Freitag, 25. November 2011

JSF Ajax and Multiple Forms

This blogpost is about a problem which about 80% of all user problems regarding JSF Ajax in the myfaces mailinglist revolve around. Namely how do I handle the jsf ajax in a multiple form scenario.

JSF Ajax and multiple forms, a standard case, which should be easy right.
Let's have a small look at an example:

As we see here, two forms each updating a component in itself via ajax.
Now what happens if we submit the forms alternating.

After a while we run into a ViewRoot cannot be found Exception on the server side.

We did everything right, why do we face this issue?

The answer lies in a bug in the JSF Ajax protocol, more precisely the way the ViewState is processed.

Lets have a look at an Ajax response:

Here we see the root cause of the problem. There is a parameter defining the ViewState with the identifier javax.faces.ViewState, however it is not clear where it belongs to.

Practically a viewstate must be attached to a form. So the issuing form definitely must receive it. However what about the other forms?

And here is the root cause of the error. Only the issuing form is updated and the ViewState which is dependend on the viewroot not the form in the second form is not updated.

This image shows exactly what happens:

As you can see only one form is update the second form now has a viewstate which is not the current one and at one point is dropped from the ViewState history, a classical concurrency issue.

So the solution would be to update all forms in the html document, right?

Theoretically yes, but there is one API which prevents this simple solution. Portlets.
In a portlet environment you have multiple viewroots all belonging to different jsf session instances on the server.

The next logic solution would be to update all jsf elements under ViewRoot.

Again, a good idea, but the protocol prevents it. On the pure client side we do not have any marker or indicator, which tells the ajax code where the current ViewRoot begins.

To ease this protocol problem an extension to the jsf spec was added under 2.1 which eases this problem. According to the spec you have to add the second form manually as render target. Something which both implementations follow. Here is a snippet which shows the solution:

Here we can see, we have added the second form as render target.

Now both forms will be updated and the viewstate always will be up to date.

This solution while being spec compliant is not satisfactory. Sometimes you dont know if a certain form is still present after the ajax case. Is there still a way to update all forms in the page or at least to take the form id out of the equation?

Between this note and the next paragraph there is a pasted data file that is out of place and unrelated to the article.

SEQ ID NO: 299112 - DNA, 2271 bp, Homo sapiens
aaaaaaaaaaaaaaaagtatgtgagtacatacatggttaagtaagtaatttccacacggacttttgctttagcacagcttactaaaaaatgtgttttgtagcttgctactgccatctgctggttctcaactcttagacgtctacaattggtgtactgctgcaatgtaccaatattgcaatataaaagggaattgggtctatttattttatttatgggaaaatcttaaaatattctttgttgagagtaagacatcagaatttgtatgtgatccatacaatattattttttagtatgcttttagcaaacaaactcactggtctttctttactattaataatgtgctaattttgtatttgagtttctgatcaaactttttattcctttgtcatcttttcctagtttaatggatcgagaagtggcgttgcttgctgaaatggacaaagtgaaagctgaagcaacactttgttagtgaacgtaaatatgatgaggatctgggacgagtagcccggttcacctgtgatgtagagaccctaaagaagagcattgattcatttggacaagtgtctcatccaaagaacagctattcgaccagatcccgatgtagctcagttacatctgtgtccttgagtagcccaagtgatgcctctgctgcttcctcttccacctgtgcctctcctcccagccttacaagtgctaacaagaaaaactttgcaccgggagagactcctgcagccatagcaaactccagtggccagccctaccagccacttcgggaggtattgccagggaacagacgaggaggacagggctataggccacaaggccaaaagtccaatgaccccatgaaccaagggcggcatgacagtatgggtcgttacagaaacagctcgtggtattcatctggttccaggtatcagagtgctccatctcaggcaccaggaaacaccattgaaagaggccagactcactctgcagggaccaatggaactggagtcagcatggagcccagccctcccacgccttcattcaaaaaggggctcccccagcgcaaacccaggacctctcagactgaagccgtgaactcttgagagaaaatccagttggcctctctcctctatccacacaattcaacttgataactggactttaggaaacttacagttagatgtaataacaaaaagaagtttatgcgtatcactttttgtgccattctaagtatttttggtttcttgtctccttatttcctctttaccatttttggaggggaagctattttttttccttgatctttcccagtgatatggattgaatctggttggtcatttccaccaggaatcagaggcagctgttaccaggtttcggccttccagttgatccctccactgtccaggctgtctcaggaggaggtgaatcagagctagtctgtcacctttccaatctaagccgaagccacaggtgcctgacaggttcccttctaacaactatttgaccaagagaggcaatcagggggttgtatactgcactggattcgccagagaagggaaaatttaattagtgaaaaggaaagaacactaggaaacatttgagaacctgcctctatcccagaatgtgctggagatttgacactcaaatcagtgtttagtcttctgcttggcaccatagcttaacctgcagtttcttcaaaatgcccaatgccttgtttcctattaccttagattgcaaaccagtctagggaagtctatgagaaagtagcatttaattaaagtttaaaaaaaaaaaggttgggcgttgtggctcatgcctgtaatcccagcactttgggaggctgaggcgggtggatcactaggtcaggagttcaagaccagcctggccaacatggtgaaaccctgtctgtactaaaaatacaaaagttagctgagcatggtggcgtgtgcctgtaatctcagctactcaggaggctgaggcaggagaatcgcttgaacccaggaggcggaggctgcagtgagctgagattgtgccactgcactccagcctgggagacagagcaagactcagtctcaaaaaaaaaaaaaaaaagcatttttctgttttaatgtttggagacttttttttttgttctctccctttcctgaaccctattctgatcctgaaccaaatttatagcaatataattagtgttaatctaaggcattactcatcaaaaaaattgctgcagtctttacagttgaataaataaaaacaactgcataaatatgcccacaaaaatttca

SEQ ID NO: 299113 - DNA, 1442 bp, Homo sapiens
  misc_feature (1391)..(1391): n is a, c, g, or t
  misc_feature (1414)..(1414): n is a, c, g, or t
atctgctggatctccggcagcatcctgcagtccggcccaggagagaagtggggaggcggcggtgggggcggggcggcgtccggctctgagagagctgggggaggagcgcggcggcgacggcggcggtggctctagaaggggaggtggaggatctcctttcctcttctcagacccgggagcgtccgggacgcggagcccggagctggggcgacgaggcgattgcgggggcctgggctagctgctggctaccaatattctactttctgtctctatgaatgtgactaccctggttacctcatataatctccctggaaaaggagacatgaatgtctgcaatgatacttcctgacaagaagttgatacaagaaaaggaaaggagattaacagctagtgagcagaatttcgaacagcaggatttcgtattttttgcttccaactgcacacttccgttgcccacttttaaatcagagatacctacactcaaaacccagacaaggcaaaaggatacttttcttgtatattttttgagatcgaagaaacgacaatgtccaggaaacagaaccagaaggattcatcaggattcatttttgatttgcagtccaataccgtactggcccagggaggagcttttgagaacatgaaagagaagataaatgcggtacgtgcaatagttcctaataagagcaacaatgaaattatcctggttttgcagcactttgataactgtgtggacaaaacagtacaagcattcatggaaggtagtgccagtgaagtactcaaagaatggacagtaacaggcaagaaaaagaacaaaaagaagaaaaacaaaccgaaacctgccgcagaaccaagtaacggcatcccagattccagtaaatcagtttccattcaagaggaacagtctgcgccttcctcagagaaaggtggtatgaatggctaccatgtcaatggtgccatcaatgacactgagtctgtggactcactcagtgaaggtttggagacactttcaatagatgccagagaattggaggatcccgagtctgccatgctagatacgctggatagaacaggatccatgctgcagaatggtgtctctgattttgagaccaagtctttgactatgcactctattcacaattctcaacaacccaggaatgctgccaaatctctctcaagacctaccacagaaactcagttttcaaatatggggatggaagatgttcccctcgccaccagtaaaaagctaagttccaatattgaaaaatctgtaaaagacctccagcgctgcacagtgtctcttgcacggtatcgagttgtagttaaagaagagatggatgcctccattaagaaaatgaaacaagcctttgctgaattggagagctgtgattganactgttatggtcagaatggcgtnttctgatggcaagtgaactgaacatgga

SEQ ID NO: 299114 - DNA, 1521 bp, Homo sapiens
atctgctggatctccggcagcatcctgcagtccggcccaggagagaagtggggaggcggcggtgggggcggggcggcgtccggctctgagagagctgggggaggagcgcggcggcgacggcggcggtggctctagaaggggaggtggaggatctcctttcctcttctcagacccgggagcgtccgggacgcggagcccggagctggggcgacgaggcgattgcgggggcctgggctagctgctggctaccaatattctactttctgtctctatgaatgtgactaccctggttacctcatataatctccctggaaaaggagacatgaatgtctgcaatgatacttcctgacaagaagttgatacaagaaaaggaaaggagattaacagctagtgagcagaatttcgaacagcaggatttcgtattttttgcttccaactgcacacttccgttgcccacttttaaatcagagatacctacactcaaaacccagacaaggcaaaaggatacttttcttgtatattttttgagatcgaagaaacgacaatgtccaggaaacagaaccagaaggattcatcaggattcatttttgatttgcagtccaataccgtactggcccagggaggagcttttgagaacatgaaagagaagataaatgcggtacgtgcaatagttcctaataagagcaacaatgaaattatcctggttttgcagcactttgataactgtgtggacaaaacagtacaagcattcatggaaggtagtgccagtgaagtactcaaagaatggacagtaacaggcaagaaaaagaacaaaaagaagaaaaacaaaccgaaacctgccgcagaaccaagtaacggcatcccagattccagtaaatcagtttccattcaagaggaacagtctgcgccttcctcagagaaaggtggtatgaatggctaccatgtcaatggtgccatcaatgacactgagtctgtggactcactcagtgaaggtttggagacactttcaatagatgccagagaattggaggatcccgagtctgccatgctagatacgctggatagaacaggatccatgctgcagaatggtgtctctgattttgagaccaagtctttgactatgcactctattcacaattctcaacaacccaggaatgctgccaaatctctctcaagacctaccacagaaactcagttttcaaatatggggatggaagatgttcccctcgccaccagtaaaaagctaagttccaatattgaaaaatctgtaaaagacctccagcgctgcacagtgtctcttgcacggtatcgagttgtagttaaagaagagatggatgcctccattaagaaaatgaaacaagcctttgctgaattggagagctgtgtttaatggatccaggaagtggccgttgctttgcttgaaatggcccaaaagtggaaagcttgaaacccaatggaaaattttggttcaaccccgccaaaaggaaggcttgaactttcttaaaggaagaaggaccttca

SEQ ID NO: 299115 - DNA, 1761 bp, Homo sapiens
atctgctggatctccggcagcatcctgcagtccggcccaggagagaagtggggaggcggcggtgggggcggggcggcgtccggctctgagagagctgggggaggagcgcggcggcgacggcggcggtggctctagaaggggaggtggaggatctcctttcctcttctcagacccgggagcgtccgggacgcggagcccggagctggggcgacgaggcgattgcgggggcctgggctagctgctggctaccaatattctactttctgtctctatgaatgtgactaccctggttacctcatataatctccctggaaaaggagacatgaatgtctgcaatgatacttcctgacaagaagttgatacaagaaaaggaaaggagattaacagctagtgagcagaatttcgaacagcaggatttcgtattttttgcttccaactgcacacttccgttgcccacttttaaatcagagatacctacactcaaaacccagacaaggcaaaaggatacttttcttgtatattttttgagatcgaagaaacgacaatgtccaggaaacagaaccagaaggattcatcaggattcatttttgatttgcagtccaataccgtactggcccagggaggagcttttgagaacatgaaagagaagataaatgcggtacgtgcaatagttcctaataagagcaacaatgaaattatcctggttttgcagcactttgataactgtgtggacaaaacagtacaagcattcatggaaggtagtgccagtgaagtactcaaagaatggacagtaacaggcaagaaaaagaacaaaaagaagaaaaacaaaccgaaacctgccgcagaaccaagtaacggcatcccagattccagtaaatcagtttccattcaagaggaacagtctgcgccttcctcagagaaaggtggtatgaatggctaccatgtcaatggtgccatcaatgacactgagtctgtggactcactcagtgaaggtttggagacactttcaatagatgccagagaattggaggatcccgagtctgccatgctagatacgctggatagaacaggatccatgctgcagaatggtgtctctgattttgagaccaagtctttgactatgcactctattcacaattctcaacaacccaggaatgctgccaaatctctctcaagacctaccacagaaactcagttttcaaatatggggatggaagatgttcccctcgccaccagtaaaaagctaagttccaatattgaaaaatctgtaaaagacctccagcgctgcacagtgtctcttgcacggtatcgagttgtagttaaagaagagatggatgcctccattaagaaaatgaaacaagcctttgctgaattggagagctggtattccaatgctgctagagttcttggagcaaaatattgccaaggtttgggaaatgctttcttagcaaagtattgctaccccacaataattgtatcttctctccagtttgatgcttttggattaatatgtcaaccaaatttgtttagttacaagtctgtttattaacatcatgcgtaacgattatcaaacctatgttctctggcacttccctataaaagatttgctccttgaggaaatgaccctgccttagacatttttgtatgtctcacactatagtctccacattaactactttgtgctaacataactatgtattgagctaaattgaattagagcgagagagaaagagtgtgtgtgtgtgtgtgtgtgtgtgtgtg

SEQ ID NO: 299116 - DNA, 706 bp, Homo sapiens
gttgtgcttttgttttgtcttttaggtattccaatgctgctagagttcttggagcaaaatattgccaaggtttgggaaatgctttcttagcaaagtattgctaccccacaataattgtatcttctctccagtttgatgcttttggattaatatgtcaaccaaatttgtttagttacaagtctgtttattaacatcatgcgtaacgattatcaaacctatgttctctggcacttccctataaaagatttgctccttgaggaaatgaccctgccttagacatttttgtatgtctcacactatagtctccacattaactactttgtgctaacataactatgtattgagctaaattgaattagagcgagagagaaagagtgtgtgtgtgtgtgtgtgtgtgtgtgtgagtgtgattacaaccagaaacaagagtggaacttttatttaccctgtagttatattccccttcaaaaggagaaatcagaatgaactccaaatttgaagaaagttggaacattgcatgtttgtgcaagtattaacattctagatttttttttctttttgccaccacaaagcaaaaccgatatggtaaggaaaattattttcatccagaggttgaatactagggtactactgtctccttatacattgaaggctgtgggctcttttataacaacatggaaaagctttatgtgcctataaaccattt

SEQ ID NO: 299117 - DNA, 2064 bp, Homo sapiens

Unfortunately not within the bounds of the specification. However, being aware of this issue, I have added in Apache MyFaces additionally to the spec behavior two other ways to resolve the issue.

First, you don't have to define the form as render target, but you can define any element within a form as render target and the form will be updated.

Secondly, the probably best solution. A configuration parameter which forces MyFaces to update all forms in a page.

With following code snippet you can enable this mechanism:

Once you have added this snippet of javascript, myfaces will be in no portlet mode and will enforce an update all forms with the viewstates policy.

Note: While this method wont break the code if you switch to mojarra, you will not get the benefits, because Mojarra does not yet have a similar solution to the issue.

Donnerstag, 24. November 2011

JSF Ajax Encoding

The entire story started when we got the request to encode everything in ISO-8859-51 including the ajax cycle. Well first I thought it was easy just change the encoding on the javascript side, let the server handle the rest. The encoding was easily detectable on the javascript side simply by checking the xhtmls encoding (the meta tag head encoding itself would have been another option, but since we are nailed down to xhtml anyway due to facelets we have an easier way)
Easy, I thought, but then I ran into browser hell.

The problem normally would be easily resolvable. The XHR object has the option of adding
xhr header content type:

xhr.setRequestHeader("ContentType", "application/x-www-form-urlencoded; charset=ISO-8859-15");

The problem now are the browsers themselves. By testing the dynamic encoding on various browsers following came out:

BrowserActual Encoding
Mozilla 7UTF-8
Chrome UTF-8
IE ISO-8859-15
Opera ISO-8859-15

So what does this mean, only opera and IE got it right. Which means the path of allowing non UTF-8 submits is blocked for now.

However JSF automatically deals with the problem properly. While I implemented the most of the Ajax part of myfaces, I have to admit the actual encoding part was provided by another project, namely j4fry and its implementors worked on that part, so I never gave a second thought. However both implementations deal the same way with the issue.

First ajax submits are UTF-8 encoded, this at the first look could pose problems with non UTF pages. It turns out there are none.

The solution both implementations follow is to encode the actual key value pair parameters into a utf url encoded representation.

Both implementations seem to apply the encodeURIComponent function of javascript-